I Live In Ct.
My Wife And I Have Recently Seen A Tandem Bicycle In Walmart For Under $200.00.
Well Never Having Rode A Tandem, But Being Interested In Them It Seems To Be A Good Way To Get Into It.
"but" When We Went To Purchase It The Store Was Out And When I Asked The Young Man In The Department When And If They Were Getting More He Said "i Dunno" (i Guess The Drool Dripping Down His Chin Should Have Been A Good Indication Of The Response I Was Going To Get). Has Anyone Seen These Before And If So Where Can I Get It?
I think that you're betting against yourself. You want to buy a cheap tandem so that, if you don't like it, you won't have much to lose. The fallacy of that is that you are buying a bike that probably isn't going to be very much fun to ride so obviously, you won't use it.
Originally Posted by VINCENT228
When I owned my own bike store, I used to keep three tandems in stock. One was a $500 - $600 Raleigh or equivlent, one was a $1,400 Burley, and one was a $2,600 Santana. ANYBODY could immediately tell the quality differences riding one after the other. The biggest difference is the stability of the frames. After riding the Santana, the Raleigh feels scary because it's so wobbly and that's still a much better bike than the one you were considering.
I don't want to discourage you. My wife and I have been riding tandems together for over 25 years and we love it. If you want the enjoyment of riding together, I'd strongly recommend spending a little more money for a better bike.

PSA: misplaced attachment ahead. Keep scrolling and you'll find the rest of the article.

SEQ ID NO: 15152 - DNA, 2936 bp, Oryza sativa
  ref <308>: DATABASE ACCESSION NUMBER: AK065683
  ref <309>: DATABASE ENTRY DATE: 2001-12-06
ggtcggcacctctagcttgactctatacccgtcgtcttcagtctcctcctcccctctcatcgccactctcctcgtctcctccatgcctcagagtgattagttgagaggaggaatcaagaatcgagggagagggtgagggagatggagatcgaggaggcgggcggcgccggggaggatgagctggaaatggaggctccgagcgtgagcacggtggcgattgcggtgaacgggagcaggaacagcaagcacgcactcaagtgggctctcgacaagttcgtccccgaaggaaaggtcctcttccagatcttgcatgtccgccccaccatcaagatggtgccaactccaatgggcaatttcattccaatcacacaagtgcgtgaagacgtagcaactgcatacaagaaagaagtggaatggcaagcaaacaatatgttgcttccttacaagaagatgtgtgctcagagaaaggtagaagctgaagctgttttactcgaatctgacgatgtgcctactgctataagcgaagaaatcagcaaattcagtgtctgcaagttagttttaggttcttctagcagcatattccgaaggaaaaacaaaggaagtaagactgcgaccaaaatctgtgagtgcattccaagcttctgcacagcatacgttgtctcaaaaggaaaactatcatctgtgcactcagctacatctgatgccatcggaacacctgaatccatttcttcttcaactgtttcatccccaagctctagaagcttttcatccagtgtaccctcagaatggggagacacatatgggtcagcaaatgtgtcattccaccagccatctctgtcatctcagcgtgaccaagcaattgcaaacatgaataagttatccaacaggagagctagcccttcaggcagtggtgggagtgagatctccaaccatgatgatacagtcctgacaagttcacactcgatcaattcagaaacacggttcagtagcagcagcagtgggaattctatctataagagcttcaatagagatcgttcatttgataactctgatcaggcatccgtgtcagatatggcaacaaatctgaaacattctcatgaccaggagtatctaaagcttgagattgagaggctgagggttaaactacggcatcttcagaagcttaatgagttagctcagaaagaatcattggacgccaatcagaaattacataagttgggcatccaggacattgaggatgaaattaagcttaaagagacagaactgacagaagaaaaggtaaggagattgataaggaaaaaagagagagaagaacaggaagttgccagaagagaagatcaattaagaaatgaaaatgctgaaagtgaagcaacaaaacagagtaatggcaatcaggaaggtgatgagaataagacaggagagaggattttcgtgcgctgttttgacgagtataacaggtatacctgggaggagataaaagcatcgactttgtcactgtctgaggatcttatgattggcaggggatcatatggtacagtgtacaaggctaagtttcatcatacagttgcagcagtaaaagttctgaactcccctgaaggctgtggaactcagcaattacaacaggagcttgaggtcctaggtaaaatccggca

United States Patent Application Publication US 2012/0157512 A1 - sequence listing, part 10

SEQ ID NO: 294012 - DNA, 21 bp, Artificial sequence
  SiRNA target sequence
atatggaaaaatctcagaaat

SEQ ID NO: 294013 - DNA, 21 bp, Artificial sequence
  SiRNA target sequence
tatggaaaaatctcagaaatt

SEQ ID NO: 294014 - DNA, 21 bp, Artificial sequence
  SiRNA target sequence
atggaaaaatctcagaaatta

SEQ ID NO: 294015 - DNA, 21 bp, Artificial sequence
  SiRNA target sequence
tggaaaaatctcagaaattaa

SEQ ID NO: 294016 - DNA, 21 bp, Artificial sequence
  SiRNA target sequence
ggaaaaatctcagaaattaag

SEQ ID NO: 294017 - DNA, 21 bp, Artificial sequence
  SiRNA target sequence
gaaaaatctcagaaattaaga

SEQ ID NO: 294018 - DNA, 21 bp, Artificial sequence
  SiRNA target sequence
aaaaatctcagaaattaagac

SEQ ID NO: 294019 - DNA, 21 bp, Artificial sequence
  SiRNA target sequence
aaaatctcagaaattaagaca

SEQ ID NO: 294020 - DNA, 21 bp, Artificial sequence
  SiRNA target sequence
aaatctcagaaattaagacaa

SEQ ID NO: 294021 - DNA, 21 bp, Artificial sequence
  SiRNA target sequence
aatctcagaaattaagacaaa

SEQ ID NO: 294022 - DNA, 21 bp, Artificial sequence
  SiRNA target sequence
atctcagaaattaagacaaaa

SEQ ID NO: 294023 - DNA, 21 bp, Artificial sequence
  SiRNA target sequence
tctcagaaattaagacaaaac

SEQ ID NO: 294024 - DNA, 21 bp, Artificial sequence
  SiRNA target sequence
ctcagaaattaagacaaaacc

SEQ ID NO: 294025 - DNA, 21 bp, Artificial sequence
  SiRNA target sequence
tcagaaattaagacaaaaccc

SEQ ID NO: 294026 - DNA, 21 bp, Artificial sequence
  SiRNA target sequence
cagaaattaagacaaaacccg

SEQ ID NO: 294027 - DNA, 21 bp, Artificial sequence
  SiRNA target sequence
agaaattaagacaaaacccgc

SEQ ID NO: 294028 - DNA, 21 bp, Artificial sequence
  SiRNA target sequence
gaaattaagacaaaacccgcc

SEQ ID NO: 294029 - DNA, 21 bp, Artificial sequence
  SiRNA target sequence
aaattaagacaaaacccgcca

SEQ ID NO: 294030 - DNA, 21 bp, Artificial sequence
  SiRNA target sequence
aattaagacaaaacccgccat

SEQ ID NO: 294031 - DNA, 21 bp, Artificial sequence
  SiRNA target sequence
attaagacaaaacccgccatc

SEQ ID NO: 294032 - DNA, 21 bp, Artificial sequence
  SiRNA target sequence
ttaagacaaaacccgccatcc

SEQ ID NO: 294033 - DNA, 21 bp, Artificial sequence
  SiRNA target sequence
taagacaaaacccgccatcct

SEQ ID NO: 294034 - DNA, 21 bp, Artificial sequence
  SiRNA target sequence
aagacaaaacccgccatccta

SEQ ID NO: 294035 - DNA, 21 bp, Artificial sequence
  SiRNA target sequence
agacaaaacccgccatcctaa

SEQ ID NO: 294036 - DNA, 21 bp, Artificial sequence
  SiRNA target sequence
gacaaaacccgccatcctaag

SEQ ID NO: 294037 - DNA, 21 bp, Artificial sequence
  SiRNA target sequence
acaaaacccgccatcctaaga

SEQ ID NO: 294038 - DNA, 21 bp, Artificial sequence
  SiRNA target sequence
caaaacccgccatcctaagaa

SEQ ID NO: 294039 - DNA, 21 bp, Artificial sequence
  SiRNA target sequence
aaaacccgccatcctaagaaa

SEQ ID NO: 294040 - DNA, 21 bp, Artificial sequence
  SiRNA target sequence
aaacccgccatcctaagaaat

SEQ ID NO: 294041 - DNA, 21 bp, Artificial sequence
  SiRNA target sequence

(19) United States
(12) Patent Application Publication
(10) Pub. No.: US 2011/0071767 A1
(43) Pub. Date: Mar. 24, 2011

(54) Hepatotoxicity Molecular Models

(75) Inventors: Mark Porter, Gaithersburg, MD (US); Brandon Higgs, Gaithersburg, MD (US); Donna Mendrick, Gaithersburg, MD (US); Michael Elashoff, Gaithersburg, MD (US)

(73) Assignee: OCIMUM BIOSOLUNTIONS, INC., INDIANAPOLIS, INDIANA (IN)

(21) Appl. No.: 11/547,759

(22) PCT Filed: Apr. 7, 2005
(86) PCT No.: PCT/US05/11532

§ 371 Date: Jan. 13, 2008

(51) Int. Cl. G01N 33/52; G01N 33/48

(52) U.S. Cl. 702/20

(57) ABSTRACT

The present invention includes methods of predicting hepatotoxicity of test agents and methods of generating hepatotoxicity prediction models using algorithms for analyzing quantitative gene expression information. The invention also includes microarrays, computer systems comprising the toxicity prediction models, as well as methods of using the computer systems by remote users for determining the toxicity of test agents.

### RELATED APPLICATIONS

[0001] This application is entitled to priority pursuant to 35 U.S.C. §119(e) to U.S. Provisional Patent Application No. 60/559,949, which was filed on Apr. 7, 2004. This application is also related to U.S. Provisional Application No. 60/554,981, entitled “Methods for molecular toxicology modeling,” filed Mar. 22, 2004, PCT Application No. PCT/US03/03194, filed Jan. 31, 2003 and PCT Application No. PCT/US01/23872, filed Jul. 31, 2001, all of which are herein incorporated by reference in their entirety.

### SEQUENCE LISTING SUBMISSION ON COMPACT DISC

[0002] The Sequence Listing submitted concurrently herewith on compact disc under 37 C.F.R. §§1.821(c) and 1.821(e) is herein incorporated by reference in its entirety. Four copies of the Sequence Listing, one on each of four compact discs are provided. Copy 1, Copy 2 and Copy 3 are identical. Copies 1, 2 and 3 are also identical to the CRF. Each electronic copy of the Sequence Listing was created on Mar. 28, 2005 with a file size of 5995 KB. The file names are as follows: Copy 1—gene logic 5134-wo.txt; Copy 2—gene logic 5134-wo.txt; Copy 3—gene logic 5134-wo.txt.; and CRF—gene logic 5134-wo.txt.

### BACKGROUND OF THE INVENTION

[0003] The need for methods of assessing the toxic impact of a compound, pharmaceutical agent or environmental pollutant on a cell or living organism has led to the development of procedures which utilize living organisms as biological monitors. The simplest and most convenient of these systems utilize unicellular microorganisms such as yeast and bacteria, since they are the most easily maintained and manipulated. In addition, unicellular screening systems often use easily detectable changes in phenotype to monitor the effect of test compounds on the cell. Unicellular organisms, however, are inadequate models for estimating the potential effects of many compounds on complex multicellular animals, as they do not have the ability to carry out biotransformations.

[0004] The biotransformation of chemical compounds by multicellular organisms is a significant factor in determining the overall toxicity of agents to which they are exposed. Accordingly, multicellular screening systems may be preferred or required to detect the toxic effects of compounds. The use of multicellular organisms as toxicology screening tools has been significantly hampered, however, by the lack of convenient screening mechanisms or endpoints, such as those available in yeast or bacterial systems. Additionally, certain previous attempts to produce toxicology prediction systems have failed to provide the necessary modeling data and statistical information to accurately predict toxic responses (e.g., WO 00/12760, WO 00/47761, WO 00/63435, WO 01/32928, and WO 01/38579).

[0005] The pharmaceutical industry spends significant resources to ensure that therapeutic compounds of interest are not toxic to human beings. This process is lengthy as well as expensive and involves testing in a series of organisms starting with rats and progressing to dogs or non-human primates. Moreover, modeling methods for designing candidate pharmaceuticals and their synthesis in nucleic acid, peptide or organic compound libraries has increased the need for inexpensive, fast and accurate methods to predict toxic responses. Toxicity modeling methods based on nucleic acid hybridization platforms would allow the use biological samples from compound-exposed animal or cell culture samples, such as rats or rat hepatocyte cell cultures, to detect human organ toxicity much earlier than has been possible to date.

Vincent I live in Delaware Ohio just outside of Columbus. Only the super walmarts carry the tandems Columbus has 4 super walmarts none of them had any in stock because they said they don't sell well but all super walmarts will order then for you they all offered. A new super wallmart just opened in a smaller town 20 miles from columbus 3 months ago they had 3 I brought one home tonight. hope this helps. By the way they are $258.00
I appreciate the Info.
We have a super walmart in a town not too far from me.
Ill see if they can special order me one.
Howdy from Tucson!
Anybody can build something 'cheaper' . . . and it usually is!
IF you buy a Wally tandem, be prepared to spend more to keep it a-running than what you paid for it.
It's like cars: remember the Yugo? A cheap copy of a Fiat, which itself was
a problem vehicle.
Save your $$$; go to your local bike shop that sells tandems and test ride several brands. Look for a used name-brand tandem and talk with/to other tandem folks and get their view/opinion.
We sell tandems only; kept a Roland tandem (Taiwanese, about $900) a knock-off copy of a Burley tandem in stock for folks who wanted a 'cheap' tandem. It 'looked' like a Burley! We'd let 'em ride the Roland, then a real Burley and then a Co-Motion. Did they notice any difference for the $$?
Suggest you take your time, look around, talk with tandem riders/owners. You'll be better informed. Posting like you did to this forum is a good start!
And good luck! Riding TWOgether is fun and great exercise; been doing it 29+ years!
Rudy & Kay
thanks for your input zonatandem its been closse to 30 years since we have even been of bikes and rode at all except maybe around the block when kids were small. I am 49 and she is 48 both of us over weight me 250 her 200. This bike is going to be used for exercise around the neighbor hood. And if we don't like we are not out much. On the other hand if we do like we will upgrade.